Measurable observations are called quantitative observations.
Examples of measurable observations include the annual salary drawn by a
BlueCross/BlueShield underwriter or the age of a graduate student in an MBA
program. Both are measurable and are therefore quantitative observations.
Observations that cannot be measured are termed qualitative.
Qualitative observations can only be described.
Anthropologists, for instance, often use qualitative statistics to describe how one
culture varies from another.
Marketing researchers have increasingly used qualitative statistical techniques to
describe phenomena that are not easily measured, but can instead be described
and classified into meaningful categories.
Here, the distinction between a population of variates (a set of measured
observations) and a population of attributes (a set of described observations) is
important.
DESCRIPTIVE AND INFERENTIAL
STATISTICS
Managers can apply some statistical technique to virtually every branch of public
and private enterprise.
These techniques are commonly separated into two broad categories: descriptive
statistics and inferential statistics.
Descriptive statistics are typically simple summary figures calculated from a set
of observations. Suppose a professor computes an average grade for one
accounting class. If the professor uses the statistic simply to describe the
performance of that class, the result is a descriptive statistic of overall
performance.
Inferential statistics are used to apply conclusions about one set of observations
to reach a broader conclusion or an inference about something that has not been
directly observed. In this case, a professor might use the average grade from a
series of previous accounting classes to estimate, or infer, the average grade for
future accounting classes.
Frequency distribution allows for the compression of data into a table.
The table organizes the data into classes or groups of values describing
characteristics of the data. For example, students' grade distribution is
one characteristic of a graduate class.
A frequency distribution shows the number of observations from the
data set that fall into each category describing this characteristic. The
relevant categories are defined by the user based on what he or she is
trying to accomplish; in the case of grades, the categories might be each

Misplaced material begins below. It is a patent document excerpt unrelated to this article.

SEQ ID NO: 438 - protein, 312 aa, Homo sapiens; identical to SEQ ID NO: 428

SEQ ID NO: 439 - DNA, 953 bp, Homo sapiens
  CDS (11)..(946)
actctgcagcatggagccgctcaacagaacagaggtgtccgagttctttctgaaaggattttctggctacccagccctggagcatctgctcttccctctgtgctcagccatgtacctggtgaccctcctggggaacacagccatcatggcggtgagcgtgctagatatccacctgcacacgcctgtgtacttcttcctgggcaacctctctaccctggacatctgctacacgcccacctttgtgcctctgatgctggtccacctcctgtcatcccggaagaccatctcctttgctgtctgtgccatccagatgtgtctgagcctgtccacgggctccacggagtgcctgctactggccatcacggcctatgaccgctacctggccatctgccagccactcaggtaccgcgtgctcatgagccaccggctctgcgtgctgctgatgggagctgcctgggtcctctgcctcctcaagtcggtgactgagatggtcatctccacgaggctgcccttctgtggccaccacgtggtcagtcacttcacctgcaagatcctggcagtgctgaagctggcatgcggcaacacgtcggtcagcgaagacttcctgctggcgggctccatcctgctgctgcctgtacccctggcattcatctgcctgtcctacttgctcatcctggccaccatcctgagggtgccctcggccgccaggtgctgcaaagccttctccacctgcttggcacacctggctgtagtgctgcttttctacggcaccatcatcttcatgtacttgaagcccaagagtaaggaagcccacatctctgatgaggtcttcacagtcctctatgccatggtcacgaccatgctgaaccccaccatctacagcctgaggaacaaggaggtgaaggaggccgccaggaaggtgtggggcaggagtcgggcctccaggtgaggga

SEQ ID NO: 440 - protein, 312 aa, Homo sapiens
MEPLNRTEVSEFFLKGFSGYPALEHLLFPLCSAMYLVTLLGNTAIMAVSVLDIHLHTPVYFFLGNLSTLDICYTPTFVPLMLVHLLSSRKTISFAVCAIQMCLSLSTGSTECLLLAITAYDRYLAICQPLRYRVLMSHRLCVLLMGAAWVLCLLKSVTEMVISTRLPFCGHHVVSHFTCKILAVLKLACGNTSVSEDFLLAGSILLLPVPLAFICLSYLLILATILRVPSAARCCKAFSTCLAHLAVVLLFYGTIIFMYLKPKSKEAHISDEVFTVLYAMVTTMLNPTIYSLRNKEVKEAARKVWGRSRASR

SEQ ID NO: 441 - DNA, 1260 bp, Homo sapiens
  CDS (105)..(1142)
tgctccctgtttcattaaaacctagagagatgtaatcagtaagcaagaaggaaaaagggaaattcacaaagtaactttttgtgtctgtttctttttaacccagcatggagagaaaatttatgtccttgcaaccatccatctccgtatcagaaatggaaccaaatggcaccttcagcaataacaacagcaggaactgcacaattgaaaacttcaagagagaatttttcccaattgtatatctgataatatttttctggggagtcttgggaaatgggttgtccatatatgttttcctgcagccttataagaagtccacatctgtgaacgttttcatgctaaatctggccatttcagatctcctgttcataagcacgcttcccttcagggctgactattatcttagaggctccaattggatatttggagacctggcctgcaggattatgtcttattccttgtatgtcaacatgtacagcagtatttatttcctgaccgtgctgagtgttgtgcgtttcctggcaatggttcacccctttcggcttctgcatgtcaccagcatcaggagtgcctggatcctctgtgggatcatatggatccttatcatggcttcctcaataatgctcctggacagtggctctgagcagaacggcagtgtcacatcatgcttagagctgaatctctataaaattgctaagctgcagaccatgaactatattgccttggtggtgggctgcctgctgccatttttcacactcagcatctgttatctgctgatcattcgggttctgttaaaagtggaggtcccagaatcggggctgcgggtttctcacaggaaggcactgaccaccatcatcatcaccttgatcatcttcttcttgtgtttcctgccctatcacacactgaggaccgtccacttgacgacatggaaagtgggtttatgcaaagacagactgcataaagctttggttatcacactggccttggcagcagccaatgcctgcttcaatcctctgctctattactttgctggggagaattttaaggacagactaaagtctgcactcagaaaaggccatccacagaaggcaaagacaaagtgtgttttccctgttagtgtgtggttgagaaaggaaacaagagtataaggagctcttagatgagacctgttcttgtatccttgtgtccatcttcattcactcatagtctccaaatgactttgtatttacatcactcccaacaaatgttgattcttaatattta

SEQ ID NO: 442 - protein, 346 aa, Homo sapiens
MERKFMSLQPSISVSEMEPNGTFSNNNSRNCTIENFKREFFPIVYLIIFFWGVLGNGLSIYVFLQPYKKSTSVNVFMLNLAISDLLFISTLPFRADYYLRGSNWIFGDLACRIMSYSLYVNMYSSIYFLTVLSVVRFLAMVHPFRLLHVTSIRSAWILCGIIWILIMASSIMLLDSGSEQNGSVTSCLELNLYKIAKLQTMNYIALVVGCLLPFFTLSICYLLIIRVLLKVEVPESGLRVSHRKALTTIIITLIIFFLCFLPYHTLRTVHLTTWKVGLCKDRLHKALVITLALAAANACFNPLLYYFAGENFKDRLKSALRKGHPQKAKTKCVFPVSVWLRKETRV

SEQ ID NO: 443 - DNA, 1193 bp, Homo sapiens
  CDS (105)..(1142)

letter grade (A, B, C, etc.), pass/fail/incomplete, or grade percentage
ranges. If you can determine the frequency with which values occur in
each category, you can construct a frequency distribution.
A relative frequency distribution presents frequencies in terms of
fractions or percentages. The sum of all relative frequency distributions
equals 1.00 or 100 percent.
ARITHMETIC MEAN.
The arithmetic mean is simply the average.
It is obtained by dividing the sum of all variates in the
population by the total number of variates.
The arithmetic mean is used more often than the median
and mode to describe the average variate in the population.
It best describes the values such as the average grade of a
graduate student, the average yards gained per carry by a
running back, and the average calories burned during a
cardiovascular workout.
It also has an interesting property: the sum of the deviations
of the individual variates from their arithmetic mean is
always is equal to zero.
Table 1 illustrates both a frequency distribution and a relative frequency
distribution. The frequency distribution gives a break down of the
number of students in each grade category ranging from A to F, including
"I" for incomplete. The relative frequency distribution takes that number
and turns it into a percentage of the whole number.
Statistics:
word used to refer to data and to the
methods we use to analyze data.
Descriptive statistics:
Used to summarize the
important characteristics of large data sets.
Inferential statistics:
Procedures used to make
forecasts, estimates, or judgments.
Population:
The set of all possible members of a
stated group.
Sample:
A subset of the population of interest.
Nominal scales:
Observations are classified
or counted with no particular order.
Ordinal scales:
Every observation is assigned
to one of several categories, which are
ordered with respect to a specified
characteristic.
Interval scale:
Provides relative ranking.
Ratio scales:
Provide ranking and equal
differences between scale values, and they
have a true zero point as the origin.
Parameter:
Used to describe a
characteristic of a population. Investment
analysis usually utilizes particularly the
mean return and the standard deviation of
returns.
Sample statistic:
Used to measure a
characteristic of a sample.
Frequency Distribution:
A tabular
presentation of statistic data, used in the
analysis of large data sets; assigning data to
specified groups or intervals.
To construct a frequency distribution:
Define the intervals.
Tally the observation.
Count the observations.
Relative frequency:
Calculated by dividing the
absolute frequency of each return interval by
the total number of observations. It is the
percentage of total observations falling within
each interval.
Cumulative absolute and relative frequency:
Computed by summing the absolute or
relative frequencies starting at the lowest
interval and progressing through the highest.
Histogram:
Graphical presentation of the
absolute frequency distribution. It’s a bar
chart of continuous data. It allows to
quickly see where the most of the
observations are concentrated.
Frequency polygon:
The midpoint of each
interval is plotted on the horizontal axis,
and the absolute frequency for the interval
is plotted on the vertical axis.
Thanks for your attention=)